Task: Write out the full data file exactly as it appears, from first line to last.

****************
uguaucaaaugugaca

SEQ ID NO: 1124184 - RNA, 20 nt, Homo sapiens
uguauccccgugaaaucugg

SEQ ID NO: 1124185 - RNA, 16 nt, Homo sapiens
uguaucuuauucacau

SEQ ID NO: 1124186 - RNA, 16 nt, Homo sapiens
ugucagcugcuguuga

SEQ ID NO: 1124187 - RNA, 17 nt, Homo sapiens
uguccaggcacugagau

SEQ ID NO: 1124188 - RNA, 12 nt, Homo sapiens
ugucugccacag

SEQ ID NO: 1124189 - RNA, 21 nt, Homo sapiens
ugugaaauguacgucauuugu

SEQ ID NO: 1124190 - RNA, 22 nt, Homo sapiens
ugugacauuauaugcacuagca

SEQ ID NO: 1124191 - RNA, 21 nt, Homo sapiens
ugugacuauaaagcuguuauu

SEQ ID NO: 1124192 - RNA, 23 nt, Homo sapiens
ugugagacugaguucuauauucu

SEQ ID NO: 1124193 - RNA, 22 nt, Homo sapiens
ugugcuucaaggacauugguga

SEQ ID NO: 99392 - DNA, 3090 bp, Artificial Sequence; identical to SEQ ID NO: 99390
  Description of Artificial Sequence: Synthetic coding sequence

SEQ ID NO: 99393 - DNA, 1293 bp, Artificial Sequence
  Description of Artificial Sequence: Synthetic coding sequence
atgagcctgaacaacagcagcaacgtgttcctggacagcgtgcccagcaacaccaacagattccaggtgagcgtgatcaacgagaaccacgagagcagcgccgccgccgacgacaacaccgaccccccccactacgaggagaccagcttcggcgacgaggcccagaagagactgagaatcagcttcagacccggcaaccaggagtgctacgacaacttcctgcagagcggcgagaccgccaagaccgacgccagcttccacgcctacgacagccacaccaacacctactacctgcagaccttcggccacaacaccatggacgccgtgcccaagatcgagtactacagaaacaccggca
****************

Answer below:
uguaucaaaugugaca

SEQ ID NO: 1124184 - RNA, 20 nt, Homo sapiens
uguauccccgugaaaucugg

SEQ ID NO: 1124185 - RNA, 16 nt, Homo sapiens
uguaucuuauucacau

SEQ ID NO: 1124186 - RNA, 16 nt, Homo sapiens
ugucagcugcuguuga

SEQ ID NO: 1124187 - RNA, 17 nt, Homo sapiens
uguccaggcacugagau

SEQ ID NO: 1124188 - RNA, 12 nt, Homo sapiens
ugucugccacag

SEQ ID NO: 1124189 - RNA, 21 nt, Homo sapiens
ugugaaauguacgucauuugu

SEQ ID NO: 1124190 - RNA, 22 nt, Homo sapiens
ugugacauuauaugcacuagca

SEQ ID NO: 1124191 - RNA, 21 nt, Homo sapiens
ugugacuauaaagcuguuauu

SEQ ID NO: 1124192 - RNA, 23 nt, Homo sapiens
ugugagacugaguucuauauucu

SEQ ID NO: 1124193 - RNA, 22 nt, Homo sapiens
ugugcuucaaggacauugguga

SEQ ID NO: 99392 - DNA, 3090 bp, Artificial Sequence; identical to SEQ ID NO: 99390
  Description of Artificial Sequence: Synthetic coding sequence

SEQ ID NO: 99393 - DNA, 1293 bp, Artificial Sequence
  Description of Artificial Sequence: Synthetic coding sequence
atgagcctgaacaacagcagcaacgtgttcctggacagcgtgcccagcaacaccaacagattccaggtgagcgtgatcaacgagaaccacgagagcagcgccgccgccgacgacaacaccgaccccccccactacgaggagaccagcttcggcgacgaggcccagaagagactgagaatcagcttcagacccggcaaccaggagtgctacgacaacttcctgcagagcggcgagaccgccaagaccgacgccagcttccacgcctacgacagccacaccaacacctactacctgcagaccttcggccacaacaccatggacgccgtgcccaagatcgagtactacagaaacaccggca